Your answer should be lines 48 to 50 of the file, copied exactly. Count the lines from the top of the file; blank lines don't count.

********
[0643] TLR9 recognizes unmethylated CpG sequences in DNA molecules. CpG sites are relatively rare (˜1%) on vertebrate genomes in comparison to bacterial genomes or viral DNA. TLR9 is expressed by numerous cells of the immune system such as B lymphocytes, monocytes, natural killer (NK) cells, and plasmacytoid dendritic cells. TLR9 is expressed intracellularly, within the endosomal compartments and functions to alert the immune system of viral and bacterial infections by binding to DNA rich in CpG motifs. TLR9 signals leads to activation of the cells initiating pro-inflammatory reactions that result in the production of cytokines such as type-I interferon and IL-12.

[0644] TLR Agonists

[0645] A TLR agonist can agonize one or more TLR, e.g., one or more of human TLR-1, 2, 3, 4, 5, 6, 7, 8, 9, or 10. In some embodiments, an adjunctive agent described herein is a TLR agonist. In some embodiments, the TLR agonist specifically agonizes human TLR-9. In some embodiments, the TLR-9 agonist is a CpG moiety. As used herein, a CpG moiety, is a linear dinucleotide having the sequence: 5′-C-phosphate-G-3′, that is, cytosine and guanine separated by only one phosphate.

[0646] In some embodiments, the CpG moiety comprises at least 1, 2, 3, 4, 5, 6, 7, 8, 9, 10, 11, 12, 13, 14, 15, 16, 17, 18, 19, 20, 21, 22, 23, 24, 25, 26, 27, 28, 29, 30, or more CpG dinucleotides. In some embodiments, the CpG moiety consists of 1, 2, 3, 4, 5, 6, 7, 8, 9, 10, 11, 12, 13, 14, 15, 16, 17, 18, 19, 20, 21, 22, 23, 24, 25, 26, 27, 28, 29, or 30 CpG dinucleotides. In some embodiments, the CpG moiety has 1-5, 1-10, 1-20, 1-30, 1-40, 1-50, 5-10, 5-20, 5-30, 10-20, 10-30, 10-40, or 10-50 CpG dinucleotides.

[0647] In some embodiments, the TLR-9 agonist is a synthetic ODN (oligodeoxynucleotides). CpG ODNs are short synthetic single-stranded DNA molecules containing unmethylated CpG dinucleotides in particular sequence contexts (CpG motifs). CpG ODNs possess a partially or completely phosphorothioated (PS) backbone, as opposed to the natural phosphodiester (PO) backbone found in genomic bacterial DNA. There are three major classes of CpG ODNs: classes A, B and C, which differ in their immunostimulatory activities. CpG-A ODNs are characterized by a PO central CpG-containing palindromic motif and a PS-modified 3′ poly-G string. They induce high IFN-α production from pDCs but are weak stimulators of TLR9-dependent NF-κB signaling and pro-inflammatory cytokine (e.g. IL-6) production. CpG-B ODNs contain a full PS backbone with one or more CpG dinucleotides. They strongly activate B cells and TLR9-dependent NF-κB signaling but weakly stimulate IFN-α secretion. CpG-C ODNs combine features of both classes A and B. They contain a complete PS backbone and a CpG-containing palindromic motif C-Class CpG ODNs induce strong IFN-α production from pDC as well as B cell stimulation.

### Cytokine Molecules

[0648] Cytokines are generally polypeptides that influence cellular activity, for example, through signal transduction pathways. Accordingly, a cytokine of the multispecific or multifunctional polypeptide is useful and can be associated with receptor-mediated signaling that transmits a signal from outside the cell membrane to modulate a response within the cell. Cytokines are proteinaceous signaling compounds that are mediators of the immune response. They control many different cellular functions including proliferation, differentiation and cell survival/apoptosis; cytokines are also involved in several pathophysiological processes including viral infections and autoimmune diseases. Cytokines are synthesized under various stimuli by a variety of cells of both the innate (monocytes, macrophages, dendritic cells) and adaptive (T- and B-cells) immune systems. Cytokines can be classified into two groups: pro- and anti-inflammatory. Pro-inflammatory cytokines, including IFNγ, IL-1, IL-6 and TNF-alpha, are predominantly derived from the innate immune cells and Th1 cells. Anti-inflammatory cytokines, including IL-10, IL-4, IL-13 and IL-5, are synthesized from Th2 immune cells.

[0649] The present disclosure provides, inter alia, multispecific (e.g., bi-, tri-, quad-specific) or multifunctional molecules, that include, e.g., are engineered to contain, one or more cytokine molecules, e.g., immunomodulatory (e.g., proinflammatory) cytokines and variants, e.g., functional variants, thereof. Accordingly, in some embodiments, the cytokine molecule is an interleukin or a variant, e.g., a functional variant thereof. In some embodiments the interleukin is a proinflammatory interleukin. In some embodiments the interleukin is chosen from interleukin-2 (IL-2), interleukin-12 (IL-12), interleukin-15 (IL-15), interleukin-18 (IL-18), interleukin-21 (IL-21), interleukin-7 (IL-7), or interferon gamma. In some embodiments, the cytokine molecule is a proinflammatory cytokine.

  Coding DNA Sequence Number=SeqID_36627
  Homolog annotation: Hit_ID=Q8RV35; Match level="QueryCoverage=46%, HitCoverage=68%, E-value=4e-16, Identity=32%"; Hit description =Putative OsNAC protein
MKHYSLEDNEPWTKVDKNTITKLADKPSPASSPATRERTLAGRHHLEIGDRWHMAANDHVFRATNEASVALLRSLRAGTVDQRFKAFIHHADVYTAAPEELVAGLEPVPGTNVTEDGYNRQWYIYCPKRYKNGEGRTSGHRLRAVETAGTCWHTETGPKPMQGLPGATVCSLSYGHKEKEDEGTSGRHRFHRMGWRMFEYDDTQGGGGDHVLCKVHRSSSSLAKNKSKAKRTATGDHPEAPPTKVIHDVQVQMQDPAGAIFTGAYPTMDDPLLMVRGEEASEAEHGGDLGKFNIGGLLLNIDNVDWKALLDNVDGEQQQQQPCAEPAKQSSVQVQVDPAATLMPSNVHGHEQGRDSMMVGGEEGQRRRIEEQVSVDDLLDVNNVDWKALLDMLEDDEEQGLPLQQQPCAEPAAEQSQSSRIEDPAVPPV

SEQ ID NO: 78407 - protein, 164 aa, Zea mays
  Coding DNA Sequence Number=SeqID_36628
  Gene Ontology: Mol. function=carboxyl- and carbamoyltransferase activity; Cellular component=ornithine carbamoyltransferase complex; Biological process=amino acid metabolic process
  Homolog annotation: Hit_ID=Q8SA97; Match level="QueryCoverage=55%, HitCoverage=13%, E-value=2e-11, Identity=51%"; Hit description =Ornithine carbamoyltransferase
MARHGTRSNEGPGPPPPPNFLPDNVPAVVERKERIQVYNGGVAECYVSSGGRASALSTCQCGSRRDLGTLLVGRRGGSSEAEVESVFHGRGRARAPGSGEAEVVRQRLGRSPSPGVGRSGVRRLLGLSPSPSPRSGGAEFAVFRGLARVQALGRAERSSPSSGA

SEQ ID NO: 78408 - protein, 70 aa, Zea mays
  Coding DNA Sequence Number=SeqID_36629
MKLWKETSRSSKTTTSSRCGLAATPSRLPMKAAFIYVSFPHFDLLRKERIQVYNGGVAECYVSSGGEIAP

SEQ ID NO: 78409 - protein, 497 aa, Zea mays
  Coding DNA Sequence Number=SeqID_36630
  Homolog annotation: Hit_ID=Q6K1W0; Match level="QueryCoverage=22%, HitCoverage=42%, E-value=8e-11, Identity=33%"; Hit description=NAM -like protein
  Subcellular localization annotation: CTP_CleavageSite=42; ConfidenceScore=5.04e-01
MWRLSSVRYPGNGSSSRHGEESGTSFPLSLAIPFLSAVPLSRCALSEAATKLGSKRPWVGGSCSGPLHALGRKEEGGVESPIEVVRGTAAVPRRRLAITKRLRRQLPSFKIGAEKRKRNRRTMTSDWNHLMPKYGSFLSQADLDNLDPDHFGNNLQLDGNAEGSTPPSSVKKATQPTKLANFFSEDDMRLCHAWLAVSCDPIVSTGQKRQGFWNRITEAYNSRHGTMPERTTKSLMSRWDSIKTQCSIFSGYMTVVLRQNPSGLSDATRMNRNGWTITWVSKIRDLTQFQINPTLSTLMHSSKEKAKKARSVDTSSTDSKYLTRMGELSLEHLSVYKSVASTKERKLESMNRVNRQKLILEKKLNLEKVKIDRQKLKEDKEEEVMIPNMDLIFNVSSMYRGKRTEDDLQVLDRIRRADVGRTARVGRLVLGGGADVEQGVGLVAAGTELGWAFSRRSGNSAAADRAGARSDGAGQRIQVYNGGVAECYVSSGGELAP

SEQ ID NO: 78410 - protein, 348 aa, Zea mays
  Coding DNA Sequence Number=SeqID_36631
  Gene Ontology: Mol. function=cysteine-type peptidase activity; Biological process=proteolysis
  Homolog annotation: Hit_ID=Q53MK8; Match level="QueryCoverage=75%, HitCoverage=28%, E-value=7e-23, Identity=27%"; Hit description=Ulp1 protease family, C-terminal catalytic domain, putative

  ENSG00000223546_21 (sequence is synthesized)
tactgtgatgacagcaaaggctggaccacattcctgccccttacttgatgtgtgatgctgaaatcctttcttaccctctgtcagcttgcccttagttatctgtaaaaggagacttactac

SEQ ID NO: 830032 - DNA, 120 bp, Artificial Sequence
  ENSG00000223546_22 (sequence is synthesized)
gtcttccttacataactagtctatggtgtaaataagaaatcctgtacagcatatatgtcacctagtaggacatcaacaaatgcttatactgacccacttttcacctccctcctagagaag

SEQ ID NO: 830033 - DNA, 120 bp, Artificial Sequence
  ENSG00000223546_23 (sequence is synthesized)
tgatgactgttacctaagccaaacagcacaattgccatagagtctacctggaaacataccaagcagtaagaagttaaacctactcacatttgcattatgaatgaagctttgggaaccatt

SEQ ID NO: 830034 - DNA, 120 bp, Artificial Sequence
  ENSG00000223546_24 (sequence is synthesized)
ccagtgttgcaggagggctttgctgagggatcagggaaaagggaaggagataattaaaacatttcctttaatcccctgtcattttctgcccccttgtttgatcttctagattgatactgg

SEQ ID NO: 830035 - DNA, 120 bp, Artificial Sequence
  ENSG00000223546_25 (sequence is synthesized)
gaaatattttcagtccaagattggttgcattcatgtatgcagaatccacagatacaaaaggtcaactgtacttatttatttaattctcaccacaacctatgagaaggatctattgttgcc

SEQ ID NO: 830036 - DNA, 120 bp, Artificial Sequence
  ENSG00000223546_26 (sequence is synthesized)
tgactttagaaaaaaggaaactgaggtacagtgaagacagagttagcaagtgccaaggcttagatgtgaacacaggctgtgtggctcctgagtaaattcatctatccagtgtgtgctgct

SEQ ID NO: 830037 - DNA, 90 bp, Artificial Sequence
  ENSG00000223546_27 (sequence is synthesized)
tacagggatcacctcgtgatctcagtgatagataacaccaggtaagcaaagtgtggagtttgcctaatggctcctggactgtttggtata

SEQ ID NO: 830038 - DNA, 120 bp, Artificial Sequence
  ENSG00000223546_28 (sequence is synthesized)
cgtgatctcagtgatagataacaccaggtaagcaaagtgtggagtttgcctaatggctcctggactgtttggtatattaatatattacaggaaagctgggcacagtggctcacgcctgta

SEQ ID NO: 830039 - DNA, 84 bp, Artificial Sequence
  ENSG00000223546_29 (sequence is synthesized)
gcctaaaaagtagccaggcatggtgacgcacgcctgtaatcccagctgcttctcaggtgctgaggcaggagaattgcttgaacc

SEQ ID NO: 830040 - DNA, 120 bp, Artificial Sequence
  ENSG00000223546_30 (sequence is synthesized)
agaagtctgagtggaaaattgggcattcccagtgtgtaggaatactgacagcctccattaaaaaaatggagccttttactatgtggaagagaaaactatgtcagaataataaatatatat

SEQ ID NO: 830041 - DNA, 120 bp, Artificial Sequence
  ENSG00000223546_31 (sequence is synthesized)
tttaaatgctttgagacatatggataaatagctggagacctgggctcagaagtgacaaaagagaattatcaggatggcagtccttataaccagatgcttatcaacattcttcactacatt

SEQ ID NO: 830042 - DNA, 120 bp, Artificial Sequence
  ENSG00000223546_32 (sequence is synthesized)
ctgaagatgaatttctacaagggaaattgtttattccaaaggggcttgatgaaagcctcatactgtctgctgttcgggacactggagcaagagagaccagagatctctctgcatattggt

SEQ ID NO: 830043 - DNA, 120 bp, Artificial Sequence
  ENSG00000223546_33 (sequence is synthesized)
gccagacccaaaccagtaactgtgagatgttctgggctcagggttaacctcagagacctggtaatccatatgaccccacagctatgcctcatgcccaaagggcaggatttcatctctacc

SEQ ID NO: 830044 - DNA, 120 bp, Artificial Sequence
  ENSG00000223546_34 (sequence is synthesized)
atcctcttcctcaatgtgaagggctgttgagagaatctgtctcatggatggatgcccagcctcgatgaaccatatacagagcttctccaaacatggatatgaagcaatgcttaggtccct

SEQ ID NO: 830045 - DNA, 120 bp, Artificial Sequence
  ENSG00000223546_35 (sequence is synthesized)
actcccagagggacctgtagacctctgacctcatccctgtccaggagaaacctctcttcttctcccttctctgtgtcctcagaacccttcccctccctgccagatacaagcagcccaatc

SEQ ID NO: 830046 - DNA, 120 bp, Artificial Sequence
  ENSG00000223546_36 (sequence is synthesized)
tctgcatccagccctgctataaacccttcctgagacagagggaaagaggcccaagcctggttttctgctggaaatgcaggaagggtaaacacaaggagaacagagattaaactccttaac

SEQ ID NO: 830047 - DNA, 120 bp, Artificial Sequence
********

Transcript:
tacagggatcacctcgtgatctcagtgatagataacaccaggtaagcaaagtgtggagtttgcctaatggctcctggactgtttggtata

SEQ ID NO: 830038 - DNA, 120 bp, Artificial Sequence
  ENSG00000223546_28 (sequence is synthesized)